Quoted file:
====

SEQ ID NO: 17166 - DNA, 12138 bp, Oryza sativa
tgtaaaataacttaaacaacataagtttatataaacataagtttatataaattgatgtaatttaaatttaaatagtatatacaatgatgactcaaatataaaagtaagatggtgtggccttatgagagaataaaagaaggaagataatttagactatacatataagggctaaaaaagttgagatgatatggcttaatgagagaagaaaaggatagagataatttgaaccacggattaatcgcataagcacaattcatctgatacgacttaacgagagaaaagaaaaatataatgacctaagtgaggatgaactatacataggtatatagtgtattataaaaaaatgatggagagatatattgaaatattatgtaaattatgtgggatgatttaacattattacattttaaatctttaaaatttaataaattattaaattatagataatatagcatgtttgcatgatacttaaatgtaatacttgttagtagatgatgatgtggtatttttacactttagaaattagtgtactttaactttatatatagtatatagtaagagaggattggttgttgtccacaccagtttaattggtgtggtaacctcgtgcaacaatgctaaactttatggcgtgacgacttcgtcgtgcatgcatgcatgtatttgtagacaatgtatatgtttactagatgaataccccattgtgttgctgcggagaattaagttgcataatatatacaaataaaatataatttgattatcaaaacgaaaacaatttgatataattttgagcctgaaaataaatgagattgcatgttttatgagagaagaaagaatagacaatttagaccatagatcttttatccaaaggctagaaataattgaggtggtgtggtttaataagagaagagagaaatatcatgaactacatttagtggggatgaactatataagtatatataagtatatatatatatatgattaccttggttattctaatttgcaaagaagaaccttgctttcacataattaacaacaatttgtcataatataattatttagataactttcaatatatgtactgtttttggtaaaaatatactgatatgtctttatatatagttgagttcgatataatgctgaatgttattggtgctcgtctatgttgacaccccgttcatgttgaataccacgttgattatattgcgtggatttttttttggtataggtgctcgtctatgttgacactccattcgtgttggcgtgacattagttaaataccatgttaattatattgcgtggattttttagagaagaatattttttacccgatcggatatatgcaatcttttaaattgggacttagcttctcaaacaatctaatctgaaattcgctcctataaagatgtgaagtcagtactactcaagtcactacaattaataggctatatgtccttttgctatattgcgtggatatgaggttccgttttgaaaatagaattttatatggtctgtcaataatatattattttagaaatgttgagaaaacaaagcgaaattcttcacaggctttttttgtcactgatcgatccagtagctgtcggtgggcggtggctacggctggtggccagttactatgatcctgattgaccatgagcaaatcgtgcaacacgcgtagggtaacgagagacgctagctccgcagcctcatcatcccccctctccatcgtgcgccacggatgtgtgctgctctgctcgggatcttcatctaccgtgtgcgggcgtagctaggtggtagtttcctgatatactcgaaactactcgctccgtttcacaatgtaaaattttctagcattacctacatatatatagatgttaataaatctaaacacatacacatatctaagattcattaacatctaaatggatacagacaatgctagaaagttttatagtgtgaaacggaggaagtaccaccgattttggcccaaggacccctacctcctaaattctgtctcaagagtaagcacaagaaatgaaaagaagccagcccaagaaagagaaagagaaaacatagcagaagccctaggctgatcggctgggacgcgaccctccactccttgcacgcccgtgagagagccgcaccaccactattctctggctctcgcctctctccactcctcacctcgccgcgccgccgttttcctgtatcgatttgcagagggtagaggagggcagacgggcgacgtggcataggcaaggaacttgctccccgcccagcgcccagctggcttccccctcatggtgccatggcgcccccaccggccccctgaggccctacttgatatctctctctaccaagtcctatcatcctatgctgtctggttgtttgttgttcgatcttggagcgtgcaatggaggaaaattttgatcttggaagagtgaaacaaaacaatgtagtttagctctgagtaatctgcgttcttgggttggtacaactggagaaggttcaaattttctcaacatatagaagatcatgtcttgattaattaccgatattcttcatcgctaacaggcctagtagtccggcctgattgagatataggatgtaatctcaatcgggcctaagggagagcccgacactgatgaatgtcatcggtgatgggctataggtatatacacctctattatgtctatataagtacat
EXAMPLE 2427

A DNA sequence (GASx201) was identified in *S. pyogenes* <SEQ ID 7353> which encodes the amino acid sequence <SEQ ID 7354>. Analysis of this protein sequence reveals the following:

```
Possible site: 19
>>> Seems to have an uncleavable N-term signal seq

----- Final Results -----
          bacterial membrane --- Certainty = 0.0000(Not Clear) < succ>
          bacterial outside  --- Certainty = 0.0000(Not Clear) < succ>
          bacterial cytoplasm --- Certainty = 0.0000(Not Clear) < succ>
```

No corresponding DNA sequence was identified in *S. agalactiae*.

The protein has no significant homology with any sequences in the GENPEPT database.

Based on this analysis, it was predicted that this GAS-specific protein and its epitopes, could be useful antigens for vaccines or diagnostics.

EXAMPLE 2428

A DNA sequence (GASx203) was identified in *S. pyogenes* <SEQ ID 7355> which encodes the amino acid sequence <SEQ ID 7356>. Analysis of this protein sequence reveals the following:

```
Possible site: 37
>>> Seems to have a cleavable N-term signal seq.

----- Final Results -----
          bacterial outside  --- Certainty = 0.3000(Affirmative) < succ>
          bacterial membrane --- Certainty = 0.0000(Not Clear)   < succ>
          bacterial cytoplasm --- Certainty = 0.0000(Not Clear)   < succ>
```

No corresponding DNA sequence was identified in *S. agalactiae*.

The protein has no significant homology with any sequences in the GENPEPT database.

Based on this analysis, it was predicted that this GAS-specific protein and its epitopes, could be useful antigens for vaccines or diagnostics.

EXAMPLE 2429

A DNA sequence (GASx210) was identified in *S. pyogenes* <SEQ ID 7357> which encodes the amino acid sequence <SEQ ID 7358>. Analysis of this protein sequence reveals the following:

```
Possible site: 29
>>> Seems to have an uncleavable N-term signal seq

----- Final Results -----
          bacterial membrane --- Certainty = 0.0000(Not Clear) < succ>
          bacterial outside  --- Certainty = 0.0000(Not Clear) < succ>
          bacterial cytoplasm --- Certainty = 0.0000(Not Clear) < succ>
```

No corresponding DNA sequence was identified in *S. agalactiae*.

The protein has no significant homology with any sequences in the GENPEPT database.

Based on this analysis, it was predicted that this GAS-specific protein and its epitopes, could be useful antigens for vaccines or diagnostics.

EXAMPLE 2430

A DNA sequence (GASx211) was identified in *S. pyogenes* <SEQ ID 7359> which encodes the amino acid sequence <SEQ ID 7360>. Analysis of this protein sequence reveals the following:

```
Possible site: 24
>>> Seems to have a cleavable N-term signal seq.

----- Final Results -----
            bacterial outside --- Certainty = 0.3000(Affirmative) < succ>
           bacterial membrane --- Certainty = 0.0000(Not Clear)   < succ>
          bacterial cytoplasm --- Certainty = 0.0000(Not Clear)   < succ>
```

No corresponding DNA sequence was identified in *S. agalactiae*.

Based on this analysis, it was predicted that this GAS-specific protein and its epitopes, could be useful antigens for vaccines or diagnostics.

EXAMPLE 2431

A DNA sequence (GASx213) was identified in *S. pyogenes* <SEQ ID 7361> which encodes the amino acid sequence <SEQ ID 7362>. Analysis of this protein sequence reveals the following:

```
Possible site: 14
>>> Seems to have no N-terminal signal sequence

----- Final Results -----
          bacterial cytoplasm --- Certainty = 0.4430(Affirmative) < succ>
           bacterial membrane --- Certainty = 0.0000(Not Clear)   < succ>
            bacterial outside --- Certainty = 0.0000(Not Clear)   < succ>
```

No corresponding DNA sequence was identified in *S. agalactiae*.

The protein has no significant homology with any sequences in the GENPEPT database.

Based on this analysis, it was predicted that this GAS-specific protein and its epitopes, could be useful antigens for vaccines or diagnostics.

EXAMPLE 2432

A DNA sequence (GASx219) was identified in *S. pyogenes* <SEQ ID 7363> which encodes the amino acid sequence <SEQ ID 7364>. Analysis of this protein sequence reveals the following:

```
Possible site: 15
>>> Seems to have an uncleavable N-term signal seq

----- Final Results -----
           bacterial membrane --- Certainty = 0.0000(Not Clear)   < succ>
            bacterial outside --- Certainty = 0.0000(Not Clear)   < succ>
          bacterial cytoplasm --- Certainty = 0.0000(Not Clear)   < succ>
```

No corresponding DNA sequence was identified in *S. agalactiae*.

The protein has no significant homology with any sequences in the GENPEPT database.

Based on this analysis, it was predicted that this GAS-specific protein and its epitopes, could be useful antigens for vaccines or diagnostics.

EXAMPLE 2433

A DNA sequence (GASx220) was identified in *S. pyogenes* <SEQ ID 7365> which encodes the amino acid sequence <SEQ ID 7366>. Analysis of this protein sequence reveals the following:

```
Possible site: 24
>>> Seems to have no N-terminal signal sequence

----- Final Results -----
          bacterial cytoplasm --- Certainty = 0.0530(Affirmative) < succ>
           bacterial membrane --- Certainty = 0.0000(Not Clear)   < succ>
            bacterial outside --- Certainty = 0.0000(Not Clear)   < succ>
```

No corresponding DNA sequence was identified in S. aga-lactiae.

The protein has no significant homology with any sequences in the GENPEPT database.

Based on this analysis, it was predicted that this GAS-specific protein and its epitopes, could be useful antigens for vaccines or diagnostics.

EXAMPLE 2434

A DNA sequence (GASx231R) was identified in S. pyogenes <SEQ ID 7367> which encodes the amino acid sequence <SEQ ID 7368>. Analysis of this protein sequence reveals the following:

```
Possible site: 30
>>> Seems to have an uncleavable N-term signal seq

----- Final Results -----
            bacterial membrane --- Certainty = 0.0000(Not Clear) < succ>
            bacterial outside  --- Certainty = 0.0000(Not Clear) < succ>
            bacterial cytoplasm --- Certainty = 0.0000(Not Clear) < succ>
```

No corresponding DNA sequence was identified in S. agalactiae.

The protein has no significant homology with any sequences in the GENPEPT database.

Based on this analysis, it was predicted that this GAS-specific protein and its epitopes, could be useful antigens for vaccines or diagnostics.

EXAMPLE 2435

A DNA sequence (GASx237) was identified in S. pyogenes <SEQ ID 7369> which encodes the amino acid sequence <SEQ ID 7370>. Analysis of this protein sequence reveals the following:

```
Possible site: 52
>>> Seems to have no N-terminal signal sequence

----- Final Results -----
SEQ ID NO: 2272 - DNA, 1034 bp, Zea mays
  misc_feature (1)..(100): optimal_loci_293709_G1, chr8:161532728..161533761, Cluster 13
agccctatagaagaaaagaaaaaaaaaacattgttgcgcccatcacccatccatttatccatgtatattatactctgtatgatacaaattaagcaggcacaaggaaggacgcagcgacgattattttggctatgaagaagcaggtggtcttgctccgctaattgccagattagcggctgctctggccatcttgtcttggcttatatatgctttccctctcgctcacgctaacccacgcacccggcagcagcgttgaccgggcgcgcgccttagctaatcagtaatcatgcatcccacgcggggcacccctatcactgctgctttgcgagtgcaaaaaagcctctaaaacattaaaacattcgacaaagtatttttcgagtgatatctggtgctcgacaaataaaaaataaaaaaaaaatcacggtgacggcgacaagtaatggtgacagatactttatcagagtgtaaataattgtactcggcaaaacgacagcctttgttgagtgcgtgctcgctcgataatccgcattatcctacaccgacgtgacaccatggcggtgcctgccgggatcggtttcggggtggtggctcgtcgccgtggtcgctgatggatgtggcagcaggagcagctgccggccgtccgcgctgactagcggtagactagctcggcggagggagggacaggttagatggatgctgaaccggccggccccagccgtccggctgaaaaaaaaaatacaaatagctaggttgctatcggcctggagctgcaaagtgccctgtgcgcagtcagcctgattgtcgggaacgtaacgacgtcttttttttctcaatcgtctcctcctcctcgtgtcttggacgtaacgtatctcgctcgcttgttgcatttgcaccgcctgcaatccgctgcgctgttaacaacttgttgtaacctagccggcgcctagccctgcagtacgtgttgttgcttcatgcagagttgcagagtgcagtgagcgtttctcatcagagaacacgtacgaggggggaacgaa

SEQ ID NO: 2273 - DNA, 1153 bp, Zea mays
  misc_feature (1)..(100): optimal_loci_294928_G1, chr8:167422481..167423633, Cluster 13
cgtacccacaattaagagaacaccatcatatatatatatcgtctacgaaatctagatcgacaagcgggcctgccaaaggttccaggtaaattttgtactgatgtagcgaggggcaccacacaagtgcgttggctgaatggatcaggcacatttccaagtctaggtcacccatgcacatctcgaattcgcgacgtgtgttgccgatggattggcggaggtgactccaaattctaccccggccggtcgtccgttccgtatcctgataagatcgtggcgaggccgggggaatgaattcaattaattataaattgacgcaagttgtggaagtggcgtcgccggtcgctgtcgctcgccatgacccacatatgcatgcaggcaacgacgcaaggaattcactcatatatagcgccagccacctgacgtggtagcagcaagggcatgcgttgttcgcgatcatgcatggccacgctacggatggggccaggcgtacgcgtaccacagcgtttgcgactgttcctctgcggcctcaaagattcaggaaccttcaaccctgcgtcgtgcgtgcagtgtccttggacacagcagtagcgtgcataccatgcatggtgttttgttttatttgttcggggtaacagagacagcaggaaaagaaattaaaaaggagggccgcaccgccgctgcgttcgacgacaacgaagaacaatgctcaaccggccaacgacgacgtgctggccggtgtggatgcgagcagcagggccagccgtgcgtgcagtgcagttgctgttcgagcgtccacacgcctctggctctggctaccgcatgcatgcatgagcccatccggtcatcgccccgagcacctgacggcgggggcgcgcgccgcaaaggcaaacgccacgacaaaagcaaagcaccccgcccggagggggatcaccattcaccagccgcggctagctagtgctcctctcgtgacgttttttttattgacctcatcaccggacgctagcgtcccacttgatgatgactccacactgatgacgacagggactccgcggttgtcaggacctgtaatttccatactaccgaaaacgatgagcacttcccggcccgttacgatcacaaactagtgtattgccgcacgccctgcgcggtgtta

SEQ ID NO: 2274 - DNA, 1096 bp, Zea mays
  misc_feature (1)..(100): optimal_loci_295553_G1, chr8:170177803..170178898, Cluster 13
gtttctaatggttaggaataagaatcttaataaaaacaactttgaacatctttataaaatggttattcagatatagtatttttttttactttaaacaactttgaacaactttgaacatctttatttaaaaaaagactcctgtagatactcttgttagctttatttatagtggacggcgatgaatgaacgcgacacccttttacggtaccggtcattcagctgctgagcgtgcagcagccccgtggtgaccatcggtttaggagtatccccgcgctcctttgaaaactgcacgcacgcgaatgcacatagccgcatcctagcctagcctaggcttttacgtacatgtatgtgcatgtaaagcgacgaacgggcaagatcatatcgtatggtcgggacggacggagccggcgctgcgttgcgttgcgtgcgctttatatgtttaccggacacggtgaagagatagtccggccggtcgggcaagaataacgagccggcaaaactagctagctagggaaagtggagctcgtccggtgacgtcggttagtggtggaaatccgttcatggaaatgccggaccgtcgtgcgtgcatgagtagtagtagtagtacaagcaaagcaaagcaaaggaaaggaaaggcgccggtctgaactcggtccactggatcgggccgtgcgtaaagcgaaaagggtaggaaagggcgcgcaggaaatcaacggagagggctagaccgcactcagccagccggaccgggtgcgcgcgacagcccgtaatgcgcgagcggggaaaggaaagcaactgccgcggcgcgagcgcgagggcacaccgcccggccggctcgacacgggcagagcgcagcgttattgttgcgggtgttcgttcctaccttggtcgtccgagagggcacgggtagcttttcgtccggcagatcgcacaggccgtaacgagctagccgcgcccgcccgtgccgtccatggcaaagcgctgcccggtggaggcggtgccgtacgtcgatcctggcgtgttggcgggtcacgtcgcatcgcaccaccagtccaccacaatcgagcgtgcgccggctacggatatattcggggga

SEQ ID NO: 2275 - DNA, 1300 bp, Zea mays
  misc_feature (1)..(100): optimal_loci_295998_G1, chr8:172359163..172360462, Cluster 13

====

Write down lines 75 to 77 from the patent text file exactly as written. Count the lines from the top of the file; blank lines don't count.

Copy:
          bacterial cytoplasm --- Certainty = 0.0000(Not Clear)   < succ>
```

No corresponding DNA sequence was identified in *S. agalactiae*.